Some physicians feel psoriaisis may be caused or aggrevated by Candida so I see nothing wrong with an Diflucan and protiotics ( although these were shown to be worthless for ezcema in a very recent article.). Similarly, some dermatologists feel that psoriasis is exacerbated by strep and place patients on a broad spectrum antibiotic.
Light therapy has been very useful for psoriasis. Many of us are switching to Narrow Band UVB. While probably not quite as effective as PUVA ( psoralen plus Ultraviolet A light) one does not have the inconvenience of taking a pill and wearing rather funky sunglasses. UVB with tar is a mainstay of treatment ( modified Gockerman) regimen.
You asked about lasers helping. One particular trend I have noticed is the non-dermatolgogist purchasing a laser and jumping to this expensive treatment. I think such physicians are driven by the Almighty Dollar rather than the practice of good medicine and what is best for their patient. Shame on them! I find this disturbing to say the least.
While the Eximer laser has been shown to be effective. I have not been blown away by the machine in comparison to the IPL UVB light source. In my hands, they seem to be about equal and the UVB IPL is about a tenth of the cost. The concept is good, especially if you view psoriasis as a local disease rather than a systemic disease. I think the laser is a fine treatment for a patient with hand and foot psoriasis ( psoriasis of Barber) or limitied stubborn plaques which are not resonding to topical treatment.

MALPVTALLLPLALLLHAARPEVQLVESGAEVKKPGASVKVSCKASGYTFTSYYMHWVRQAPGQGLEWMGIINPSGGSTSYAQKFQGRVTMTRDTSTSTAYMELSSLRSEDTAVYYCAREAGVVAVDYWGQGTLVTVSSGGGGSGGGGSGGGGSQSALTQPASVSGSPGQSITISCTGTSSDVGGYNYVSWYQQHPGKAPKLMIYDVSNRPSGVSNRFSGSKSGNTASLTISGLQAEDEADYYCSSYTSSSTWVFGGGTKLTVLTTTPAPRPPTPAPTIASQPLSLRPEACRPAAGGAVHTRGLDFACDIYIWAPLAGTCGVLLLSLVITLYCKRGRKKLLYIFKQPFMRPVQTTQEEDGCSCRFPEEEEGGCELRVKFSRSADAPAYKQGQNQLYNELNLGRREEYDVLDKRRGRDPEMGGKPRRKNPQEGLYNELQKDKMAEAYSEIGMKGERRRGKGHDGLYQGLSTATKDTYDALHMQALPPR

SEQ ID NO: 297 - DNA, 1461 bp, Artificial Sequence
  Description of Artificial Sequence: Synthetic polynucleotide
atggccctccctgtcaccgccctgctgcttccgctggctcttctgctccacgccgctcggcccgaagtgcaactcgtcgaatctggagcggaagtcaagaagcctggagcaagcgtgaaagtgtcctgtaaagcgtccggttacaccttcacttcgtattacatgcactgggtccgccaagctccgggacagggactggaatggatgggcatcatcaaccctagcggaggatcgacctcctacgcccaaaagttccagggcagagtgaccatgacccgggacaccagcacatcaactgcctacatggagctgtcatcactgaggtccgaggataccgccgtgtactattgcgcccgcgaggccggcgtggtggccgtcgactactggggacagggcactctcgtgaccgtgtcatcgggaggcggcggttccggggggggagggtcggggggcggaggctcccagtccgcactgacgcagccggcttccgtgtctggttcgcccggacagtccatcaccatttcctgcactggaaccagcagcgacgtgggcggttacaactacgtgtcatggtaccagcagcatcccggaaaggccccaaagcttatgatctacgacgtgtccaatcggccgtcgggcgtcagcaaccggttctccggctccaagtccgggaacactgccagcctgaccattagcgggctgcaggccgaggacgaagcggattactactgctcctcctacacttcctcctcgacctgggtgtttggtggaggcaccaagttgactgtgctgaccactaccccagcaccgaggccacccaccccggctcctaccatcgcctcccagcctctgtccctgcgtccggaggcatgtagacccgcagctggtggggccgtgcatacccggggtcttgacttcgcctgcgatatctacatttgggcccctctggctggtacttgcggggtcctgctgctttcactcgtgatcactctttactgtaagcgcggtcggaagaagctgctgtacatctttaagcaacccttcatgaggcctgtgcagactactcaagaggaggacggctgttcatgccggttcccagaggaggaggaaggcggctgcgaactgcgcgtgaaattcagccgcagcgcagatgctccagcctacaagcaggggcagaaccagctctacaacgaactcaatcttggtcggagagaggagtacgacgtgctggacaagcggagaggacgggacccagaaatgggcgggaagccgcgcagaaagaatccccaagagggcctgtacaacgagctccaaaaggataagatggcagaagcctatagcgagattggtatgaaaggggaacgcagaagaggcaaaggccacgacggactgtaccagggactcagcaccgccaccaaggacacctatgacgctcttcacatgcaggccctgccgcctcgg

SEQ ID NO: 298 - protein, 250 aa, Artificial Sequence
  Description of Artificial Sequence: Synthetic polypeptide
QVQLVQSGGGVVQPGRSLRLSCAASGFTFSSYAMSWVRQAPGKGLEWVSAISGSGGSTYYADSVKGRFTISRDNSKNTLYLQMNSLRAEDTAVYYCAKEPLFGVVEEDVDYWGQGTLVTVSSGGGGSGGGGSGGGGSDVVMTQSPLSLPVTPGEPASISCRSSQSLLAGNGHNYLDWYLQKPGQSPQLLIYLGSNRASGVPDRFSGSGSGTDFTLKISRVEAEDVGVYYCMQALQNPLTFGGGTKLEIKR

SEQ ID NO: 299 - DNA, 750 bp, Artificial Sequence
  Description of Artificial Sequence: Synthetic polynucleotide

Finally, there is the broadening area of the so-called biologicals. Your husband should have an evaluation to rule out psoriatic arthritis. Biologics in this instance can prevent the crippling outcome that psoriasis can wreak. Enbrel is very effective and perhaps, safer than Humira. Humira, is the more effective of the two in my opinion. Remicade perhaps, superior to either but requires IV infusion. Recently, in fact in March 2009 Journal of the American Academy of Dermaotogy by Meese et al, Alafecept ( Amevive, the first of the biologics), this was shown to be a great combo for psoriatic arthritis. There are two more biologics which should be out before the end of next year, one by Abbott and the other Centocor that, in studies, seem to be even more effective than those already available.
In sum, I would consult a dermatolgist who enjoys treating psoriasis, if you have not already done so.
These answers are for educational purposes and should not be relied upon as a substitute for medical advice you may receive from your physician. If you have a medical emergency, please call 911. These answers do not constitute or initiate a patient/doctor relationship.